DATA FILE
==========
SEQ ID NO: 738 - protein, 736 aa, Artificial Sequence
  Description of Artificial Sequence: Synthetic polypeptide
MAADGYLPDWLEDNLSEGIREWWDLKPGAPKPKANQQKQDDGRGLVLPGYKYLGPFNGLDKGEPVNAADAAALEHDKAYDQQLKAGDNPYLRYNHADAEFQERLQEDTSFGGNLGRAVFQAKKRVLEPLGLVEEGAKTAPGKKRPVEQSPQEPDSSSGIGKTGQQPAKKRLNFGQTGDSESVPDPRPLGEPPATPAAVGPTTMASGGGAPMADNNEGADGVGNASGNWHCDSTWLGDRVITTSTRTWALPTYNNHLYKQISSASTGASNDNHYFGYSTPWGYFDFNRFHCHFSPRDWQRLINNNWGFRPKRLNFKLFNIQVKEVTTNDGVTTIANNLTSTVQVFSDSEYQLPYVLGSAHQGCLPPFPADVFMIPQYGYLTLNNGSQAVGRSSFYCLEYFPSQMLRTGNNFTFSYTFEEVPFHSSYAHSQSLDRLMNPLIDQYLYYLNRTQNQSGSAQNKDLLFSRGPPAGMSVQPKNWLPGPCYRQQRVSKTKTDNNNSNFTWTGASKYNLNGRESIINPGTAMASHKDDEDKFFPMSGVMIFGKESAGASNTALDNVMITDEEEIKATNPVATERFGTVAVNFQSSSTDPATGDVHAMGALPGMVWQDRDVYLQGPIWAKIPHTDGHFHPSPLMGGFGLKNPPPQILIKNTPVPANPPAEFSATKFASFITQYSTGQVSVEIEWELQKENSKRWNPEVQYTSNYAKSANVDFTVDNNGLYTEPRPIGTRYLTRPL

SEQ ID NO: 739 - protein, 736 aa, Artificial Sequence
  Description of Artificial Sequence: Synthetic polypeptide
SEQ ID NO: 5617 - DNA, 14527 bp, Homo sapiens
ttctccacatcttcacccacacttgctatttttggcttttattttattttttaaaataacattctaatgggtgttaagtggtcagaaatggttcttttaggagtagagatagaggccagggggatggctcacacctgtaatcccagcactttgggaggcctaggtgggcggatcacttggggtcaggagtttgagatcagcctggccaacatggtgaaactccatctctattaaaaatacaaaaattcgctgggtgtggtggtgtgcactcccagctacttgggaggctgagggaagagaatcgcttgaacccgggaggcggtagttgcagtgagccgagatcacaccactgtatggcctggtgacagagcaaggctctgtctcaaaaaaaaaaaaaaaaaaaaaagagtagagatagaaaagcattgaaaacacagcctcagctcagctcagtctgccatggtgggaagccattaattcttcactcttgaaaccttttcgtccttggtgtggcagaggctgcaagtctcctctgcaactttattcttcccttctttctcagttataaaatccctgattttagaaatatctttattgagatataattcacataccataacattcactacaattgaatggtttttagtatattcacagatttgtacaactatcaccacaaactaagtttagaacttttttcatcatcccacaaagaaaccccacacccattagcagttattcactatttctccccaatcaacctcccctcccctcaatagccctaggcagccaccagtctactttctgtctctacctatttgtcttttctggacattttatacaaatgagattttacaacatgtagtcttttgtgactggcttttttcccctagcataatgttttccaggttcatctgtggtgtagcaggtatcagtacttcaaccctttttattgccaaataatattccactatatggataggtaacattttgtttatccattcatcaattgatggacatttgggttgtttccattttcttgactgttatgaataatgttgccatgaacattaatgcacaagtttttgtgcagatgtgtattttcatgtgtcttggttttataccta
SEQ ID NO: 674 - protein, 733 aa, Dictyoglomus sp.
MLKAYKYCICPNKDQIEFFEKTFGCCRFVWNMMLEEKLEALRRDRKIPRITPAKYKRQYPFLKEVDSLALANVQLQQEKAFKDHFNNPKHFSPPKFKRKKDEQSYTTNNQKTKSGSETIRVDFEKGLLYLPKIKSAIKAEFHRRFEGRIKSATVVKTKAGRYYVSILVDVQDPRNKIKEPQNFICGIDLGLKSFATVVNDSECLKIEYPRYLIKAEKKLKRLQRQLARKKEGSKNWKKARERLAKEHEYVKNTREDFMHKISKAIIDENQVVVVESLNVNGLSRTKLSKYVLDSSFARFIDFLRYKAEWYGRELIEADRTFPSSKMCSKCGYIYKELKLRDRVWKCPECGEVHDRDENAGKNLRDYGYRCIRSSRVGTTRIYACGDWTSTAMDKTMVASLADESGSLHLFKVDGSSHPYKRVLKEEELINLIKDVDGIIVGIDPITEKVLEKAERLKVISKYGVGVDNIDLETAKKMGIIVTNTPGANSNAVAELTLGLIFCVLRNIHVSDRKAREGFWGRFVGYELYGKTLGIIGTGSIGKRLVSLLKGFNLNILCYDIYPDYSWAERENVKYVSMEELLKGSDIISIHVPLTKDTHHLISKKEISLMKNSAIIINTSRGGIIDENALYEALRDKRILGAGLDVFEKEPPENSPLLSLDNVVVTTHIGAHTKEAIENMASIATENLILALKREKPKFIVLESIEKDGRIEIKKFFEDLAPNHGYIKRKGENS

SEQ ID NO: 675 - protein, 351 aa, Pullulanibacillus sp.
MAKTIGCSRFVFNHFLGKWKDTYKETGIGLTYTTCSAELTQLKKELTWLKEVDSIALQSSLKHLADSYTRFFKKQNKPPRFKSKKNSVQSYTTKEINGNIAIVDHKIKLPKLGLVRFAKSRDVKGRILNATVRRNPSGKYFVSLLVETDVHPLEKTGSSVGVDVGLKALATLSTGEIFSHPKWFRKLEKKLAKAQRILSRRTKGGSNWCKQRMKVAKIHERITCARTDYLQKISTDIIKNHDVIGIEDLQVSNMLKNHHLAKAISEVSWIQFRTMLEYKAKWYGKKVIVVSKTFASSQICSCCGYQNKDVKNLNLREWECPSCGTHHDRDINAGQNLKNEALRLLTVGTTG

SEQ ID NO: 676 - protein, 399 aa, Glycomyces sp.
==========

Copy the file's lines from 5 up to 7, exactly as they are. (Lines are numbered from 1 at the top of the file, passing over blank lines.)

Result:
  Description of Artificial Sequence: Synthetic polypeptide
SEQ ID NO: 5617 - DNA, 14527 bp, Homo sapiens
ttctccacatcttcacccacacttgctatttttggcttttattttattttttaaaataacattctaatgggtgttaagtggtcagaaatggttcttttaggagtagagatagaggccagggggatggctcacacctgtaatcccagcactttgggaggcctaggtgggcggatcacttggggtcaggagtttgagatcagcctggccaacatggtgaaactccatctctattaaaaatacaaaaattcgctgggtgtggtggtgtgcactcccagctacttgggaggctgagggaagagaatcgcttgaacccgggaggcggtagttgcagtgagccgagatcacaccactgtatggcctggtgacagagcaaggctctgtctcaaaaaaaaaaaaaaaaaaaaaagagtagagatagaaaagcattgaaaacacagcctcagctcagctcagtctgccatggtgggaagccattaattcttcactcttgaaaccttttcgtccttggtgtggcagaggctgcaagtctcctctgcaactttattcttcccttctttctcagttataaaatccctgattttagaaatatctttattgagatataattcacataccataacattcactacaattgaatggtttttagtatattcacagatttgtacaactatcaccacaaactaagtttagaacttttttcatcatcccacaaagaaaccccacacccattagcagttattcactatttctccccaatcaacctcccctcccctcaatagccctaggcagccaccagtctactttctgtctctacctatttgtcttttctggacattttatacaaatgagattttacaacatgtagtcttttgtgactggcttttttcccctagcataatgttttccaggttcatctgtggtgtagcaggtatcagtacttcaaccctttttattgccaaataatattccactatatggataggtaacattttgtttatccattcatcaattgatggacatttgggttgtttccattttcttgactgttatgaataatgttgccatgaacattaatgcacaagtttttgtgcagatgtgtattttcatgtgtcttggttttataccta